Raging Bull – a look back at Gaz Coombes’ Matador
Updated: Nov 2
Supergrass were larger than life, joyous, cartoon pop. They banged out hit after hit, and though there was musical growth, they were saddled with this somewhat unfair comedy band label.
Caught By The Fuzz, Alright, Mansize Rooster, Pumping On Your Stereo were all great, giddy, fun pop songs. But they also produced some serious, thoughtful music too, that gets overlooked, such as Low C, Tales Of Endurance, Pt 4, 5 and 6….in fact the whole of 5th album Road To Rouen was dark, even brooding at times…though the next album’s Diamond Hoo ha Man’s “BITE ME” chorus brought the pop fun back front and centre.
When Gaz Coombes went solo, he took a different direction. There was less comedy pop. The songs were more complex, experimental. Second solo album Matador built on his debut solo album, Here Come The Bombs. musicOMH's Ben Hogwood called Matador’s music and the songs "a step forward" and said the album reveals Coombes' "darker, more experimental side". As ever, the lovely Mr Hogwood is right indeed.
The cover is an homage to Bowie’s Heroes album, but the albums share much in common to my mind. Heroes was Bowie’s 12th album, Matador was Coombes’ 10th (six albums with Supergrass, one unreleased Supergrass album, one covers album with The Hotrats and his debut solo album).
Both albums came after an album that was a sharp turn on their predecessors. Low was a radical change from Bowie’s previous records - electronic, half of it instrumental, cold and icy – the characters like Ziggy were firmly gone forever. Here Comes The Bombs was similarly sublime, its choruses obscured by the music, less catchy, but still great music. His teeth may have been clean, but he no longer needed to sing about them.
Heroes and Matador built on these shifts in direction. Low took people by surprise; Heroes took that surprise on a stage further, the most complete of his Berlin trilogy. It’s an album of two halves again, the twisted pop songs, and the daunting angst, with an added dose of neuroticism, the krautrock, electronic instrumentals continuing on from Low. Blackout is paranoid, hallucinatory schizophrenia, Heroes anthemic, but distorted genius. V-2 Schneider is Kraftwerk with saxophones.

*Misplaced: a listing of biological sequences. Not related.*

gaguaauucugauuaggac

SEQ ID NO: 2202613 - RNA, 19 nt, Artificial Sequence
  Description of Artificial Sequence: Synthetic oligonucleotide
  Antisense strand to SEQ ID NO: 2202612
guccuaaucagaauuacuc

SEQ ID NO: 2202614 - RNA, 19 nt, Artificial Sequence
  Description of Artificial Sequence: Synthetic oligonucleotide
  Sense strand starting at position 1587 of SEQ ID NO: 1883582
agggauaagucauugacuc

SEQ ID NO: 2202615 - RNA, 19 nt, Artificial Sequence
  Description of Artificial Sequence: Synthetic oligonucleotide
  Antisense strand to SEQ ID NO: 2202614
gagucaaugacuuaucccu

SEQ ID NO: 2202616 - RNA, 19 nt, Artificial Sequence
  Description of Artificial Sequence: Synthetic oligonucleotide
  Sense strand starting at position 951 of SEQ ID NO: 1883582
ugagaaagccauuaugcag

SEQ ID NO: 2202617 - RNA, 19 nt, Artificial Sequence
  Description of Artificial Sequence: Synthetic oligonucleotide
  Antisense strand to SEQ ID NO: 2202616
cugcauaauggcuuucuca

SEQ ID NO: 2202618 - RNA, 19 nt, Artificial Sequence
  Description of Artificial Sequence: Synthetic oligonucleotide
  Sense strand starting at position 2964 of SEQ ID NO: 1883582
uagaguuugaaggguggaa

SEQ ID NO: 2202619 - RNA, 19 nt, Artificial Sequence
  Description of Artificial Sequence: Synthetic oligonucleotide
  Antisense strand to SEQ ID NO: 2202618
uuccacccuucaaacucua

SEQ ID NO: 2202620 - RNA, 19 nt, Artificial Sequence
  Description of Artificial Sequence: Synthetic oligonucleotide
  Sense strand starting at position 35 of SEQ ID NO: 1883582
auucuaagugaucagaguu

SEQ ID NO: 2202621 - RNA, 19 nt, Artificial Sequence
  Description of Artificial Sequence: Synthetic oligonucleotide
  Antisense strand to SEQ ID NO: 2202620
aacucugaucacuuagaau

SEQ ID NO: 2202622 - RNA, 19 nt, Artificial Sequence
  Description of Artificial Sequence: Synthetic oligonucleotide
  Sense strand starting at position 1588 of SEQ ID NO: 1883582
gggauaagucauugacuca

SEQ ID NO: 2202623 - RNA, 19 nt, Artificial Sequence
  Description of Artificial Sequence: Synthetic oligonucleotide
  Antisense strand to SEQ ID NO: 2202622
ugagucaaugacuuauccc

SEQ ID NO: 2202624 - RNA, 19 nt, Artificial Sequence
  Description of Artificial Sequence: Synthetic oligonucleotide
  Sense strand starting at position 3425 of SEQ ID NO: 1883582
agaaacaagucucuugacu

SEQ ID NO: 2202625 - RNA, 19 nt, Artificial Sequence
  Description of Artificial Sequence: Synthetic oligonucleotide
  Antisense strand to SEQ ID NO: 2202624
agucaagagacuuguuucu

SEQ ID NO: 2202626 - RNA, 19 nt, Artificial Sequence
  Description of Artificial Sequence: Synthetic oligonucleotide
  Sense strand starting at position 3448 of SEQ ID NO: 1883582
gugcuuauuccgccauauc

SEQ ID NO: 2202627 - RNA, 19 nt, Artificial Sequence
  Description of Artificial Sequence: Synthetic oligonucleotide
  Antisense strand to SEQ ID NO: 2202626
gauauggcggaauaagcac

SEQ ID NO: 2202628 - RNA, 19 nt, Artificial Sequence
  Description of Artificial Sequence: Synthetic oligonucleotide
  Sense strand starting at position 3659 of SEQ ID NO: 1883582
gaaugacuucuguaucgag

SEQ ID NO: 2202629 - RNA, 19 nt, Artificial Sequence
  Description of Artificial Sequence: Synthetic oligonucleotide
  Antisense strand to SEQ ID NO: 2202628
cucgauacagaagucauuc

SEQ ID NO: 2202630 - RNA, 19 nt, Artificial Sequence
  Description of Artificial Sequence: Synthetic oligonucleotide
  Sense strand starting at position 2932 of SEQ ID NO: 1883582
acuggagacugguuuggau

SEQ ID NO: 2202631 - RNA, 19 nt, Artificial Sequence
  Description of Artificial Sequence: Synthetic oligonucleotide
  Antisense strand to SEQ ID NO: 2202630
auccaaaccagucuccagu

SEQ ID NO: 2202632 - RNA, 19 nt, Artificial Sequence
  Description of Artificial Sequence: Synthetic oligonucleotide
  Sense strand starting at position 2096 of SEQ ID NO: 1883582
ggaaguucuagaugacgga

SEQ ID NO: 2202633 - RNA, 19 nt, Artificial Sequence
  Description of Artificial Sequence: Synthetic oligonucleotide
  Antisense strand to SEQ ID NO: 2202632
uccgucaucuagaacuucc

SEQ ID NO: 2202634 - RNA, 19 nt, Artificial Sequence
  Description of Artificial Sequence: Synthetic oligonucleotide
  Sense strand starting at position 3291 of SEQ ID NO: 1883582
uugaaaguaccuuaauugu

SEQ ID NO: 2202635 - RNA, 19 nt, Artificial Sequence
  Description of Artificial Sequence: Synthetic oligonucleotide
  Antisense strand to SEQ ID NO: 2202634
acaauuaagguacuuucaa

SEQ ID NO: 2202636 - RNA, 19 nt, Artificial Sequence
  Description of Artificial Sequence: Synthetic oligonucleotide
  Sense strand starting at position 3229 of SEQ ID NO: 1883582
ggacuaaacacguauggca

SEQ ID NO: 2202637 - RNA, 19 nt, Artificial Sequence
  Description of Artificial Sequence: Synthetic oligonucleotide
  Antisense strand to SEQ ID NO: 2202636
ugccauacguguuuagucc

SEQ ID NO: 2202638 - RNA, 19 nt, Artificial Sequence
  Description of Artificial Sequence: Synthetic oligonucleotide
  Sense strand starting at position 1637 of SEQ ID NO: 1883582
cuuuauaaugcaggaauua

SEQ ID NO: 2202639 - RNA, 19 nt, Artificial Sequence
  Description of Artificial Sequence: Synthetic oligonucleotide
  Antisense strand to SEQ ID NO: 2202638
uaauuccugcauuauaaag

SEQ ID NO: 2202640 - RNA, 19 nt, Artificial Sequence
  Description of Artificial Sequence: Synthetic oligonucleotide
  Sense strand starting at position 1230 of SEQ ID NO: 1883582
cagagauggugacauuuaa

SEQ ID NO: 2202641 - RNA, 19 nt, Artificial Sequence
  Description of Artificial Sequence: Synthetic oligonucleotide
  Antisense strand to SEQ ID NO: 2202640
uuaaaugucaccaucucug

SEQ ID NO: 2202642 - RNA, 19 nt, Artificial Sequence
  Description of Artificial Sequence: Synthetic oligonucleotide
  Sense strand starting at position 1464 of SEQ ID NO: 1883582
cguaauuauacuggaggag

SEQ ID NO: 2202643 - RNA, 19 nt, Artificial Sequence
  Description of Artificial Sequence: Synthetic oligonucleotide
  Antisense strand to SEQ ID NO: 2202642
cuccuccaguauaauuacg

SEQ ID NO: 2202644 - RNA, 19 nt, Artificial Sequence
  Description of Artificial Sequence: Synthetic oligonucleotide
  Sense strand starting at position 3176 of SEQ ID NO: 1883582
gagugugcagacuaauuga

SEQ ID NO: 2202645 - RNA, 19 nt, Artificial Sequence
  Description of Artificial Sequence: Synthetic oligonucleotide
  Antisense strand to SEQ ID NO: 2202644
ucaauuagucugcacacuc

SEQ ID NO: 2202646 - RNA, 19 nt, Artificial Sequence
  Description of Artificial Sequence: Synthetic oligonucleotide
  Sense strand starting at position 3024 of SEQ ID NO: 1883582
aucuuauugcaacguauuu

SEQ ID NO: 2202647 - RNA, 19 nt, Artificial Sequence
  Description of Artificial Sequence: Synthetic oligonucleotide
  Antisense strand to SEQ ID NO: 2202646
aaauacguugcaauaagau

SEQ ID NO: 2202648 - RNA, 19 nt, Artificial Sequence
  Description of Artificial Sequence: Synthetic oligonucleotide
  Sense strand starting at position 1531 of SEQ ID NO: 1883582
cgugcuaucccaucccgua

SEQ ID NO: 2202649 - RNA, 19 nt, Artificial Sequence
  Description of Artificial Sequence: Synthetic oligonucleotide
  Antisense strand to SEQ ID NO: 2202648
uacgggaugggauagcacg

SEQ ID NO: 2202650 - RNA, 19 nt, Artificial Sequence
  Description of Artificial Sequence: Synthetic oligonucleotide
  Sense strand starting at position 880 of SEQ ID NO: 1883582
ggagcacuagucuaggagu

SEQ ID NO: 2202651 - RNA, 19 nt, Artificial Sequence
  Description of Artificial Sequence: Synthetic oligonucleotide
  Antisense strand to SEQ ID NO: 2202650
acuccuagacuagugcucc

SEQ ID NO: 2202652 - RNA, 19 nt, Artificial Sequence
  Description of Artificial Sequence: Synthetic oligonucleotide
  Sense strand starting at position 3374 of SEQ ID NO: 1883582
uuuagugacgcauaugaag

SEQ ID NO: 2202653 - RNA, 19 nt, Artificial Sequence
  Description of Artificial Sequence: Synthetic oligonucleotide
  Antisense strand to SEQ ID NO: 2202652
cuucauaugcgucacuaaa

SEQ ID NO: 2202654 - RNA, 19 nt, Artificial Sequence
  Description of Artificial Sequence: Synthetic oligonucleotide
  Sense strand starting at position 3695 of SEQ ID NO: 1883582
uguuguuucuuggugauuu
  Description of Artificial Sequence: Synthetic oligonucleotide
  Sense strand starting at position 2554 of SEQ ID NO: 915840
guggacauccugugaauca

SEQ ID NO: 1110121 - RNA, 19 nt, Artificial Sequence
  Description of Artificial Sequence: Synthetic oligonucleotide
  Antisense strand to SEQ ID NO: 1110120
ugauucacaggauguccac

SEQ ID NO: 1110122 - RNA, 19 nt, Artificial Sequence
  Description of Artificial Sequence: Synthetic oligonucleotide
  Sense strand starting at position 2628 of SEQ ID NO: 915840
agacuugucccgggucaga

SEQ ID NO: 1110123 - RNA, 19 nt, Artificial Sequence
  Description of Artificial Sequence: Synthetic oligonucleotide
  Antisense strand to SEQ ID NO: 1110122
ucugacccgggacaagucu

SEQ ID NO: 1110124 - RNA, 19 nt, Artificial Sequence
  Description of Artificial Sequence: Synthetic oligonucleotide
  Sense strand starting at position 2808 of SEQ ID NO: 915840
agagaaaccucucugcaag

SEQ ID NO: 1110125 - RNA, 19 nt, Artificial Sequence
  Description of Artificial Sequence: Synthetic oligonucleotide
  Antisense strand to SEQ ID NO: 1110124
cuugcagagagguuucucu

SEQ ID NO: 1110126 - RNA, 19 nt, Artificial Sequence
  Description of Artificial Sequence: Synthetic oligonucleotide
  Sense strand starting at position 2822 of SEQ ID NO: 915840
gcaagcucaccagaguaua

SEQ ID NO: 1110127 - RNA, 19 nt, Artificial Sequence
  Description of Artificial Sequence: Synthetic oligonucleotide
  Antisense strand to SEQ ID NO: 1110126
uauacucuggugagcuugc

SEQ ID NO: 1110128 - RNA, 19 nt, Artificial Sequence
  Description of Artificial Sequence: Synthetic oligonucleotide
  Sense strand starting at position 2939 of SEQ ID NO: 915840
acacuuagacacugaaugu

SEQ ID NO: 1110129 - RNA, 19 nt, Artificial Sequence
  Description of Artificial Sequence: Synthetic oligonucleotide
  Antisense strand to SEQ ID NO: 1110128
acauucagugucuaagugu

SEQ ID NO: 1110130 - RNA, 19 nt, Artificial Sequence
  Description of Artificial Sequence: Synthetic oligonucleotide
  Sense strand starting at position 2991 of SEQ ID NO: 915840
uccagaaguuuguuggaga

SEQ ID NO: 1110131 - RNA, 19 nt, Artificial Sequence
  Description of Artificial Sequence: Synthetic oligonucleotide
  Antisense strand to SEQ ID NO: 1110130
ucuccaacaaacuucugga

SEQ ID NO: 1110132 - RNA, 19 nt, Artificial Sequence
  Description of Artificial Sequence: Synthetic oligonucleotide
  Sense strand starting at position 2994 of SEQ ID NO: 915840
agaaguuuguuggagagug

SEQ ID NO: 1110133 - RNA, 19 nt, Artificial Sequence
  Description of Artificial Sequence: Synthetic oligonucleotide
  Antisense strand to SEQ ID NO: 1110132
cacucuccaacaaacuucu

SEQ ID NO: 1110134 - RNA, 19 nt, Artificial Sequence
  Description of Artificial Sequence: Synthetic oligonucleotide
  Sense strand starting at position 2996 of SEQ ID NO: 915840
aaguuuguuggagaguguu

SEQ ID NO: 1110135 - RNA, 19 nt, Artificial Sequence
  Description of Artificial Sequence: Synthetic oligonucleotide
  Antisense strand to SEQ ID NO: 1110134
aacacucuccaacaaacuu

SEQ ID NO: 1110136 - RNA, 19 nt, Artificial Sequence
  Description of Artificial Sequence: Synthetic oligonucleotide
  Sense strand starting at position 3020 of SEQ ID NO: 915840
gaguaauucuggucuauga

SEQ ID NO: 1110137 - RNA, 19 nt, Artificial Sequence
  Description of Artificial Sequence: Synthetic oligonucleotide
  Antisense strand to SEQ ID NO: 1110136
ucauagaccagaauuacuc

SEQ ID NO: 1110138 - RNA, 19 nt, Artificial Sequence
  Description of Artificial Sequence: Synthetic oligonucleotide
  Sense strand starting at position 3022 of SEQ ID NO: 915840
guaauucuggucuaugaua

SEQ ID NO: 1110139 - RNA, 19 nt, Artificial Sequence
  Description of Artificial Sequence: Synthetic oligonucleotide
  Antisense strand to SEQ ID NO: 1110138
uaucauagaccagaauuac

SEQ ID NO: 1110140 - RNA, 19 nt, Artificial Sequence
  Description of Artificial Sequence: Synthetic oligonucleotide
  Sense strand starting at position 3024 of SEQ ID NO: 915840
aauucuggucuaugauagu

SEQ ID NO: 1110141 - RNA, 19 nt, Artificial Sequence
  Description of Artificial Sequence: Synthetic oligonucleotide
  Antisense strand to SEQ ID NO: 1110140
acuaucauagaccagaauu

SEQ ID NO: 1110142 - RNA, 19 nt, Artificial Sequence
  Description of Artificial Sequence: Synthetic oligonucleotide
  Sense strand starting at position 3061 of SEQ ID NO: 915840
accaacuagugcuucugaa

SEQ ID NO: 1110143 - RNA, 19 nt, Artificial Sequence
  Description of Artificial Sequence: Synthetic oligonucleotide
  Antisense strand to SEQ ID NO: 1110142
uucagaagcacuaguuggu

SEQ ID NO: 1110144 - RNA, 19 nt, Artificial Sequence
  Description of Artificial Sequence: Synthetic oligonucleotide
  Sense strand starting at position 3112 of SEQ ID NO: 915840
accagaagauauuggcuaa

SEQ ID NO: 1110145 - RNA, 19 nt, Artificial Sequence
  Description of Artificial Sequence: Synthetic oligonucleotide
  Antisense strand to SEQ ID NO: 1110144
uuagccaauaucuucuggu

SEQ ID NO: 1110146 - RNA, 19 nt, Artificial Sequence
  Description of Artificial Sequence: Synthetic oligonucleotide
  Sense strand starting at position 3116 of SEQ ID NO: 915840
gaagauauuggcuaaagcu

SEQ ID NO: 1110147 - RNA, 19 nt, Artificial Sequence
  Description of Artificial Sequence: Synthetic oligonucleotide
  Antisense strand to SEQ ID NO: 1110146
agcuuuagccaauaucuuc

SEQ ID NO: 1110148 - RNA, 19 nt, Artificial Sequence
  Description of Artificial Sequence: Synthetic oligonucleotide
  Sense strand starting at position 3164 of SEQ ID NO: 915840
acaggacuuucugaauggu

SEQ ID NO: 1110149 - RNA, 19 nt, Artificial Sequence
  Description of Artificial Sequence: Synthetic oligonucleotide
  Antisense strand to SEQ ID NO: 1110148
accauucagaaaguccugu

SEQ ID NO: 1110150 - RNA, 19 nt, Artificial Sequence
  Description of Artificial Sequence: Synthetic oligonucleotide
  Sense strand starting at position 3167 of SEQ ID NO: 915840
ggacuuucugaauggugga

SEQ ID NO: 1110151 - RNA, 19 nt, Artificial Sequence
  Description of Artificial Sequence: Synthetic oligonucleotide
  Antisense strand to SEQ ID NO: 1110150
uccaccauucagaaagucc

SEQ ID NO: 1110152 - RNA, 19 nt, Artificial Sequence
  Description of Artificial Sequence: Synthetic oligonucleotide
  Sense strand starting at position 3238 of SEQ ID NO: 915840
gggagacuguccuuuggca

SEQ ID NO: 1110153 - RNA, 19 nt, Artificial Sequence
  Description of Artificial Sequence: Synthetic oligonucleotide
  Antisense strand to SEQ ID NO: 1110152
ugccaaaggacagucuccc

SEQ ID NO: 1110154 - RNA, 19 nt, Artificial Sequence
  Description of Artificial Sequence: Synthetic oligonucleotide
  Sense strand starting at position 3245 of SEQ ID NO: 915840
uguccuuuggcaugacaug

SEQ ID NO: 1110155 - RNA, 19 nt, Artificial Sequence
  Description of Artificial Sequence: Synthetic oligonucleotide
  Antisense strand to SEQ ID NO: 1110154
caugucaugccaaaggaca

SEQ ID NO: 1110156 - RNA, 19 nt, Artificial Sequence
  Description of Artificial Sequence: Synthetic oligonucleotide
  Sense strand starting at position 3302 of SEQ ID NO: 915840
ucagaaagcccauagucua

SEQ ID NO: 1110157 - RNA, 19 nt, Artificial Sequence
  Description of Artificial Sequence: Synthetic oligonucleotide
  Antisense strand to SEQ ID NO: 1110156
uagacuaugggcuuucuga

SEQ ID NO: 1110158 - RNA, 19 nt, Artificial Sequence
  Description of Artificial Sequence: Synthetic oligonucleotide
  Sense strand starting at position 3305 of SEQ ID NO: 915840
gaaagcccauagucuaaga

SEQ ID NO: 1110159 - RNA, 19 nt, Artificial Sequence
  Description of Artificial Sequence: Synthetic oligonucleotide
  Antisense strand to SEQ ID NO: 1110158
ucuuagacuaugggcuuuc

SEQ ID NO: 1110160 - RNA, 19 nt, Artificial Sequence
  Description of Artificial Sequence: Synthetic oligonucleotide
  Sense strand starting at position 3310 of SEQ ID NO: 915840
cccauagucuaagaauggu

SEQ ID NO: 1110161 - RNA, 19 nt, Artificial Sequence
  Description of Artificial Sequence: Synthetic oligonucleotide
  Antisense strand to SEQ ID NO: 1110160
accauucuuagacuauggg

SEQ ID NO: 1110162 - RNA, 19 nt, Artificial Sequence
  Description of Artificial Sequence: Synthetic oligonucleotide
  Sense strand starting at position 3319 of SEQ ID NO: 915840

Matador kicks off with the gentle staccato piano of Buffalo, as Gaz announces he’s an “acrobat in the dark” and sings of giant leaps, before he screams the chorus “Because all my tears fall like sand”. Soon, The English Ruse’s metronic pulsing beat continues into more experimental, unfamiliar territory, its opening lyric “I’m in league with the humans” is very Bowie, loving the alien. I love its sudden break into a spacey choral section, before the pulsing beats come back with a vengeance.
Paranoia dominates Matador, as Bowie’s Heroes is obsessed by the anxieties of the cold war. Detroit is deceptively poppy, soulful even, but its chorus “there’s panic in my heart” is far from lightweight, a tale of drug induced meltdown (and another nod to Bowie - Panic In Detroit?). It’s the album’s perfect moment. Oscillate,with its hypnotic, Kid A-esque electronics, has a repeated line “take a walk in your eyes, far away”, which reminds me of Blackout’s “kiss you in the rain, kiss you in the rain”, though the latter romps off into a disco stomp, while Oscillate drifts away gently.
The Bowie nods continue with The Girl Who Fell To Earth, wistful, his voice better than it’s ever been – “tear it down and play rough” he sings, but the tune is far from rough, it’s quite beautiful, an exquisite ode to his daughter, who has autism.
20/20 is another standout, it’s swelling, joyous gospel backing vocals and rousing tune – “it’s alright, the end’s in sight. Worry fades the soul away”.
Bowie may have not be able to say no to Beauty and the Beast, but on closer Matador, Gaz assures his love that he’ll “face the Beast and fight like a matador”. Like Bowie, Coombes has continued to experiment, to change. Paranoid, twitchy, maturing and setting a path for the future, Matador is his Heroes, which is very much a compliment.
He’s back with Supergrass again right now, and great fun this is too. But I think there’s more sides to Gaz that we still haven't seen and I hope he lets his inner-Bowie out to play again soon.
Matador has become one of my all-time favourite albums, its successor, World’s Strongest Man is just as good. I am looking forward to his Heathen, his The Next Day and even his Blackstar. Let’s just hope he dodges a Never Let Me Down…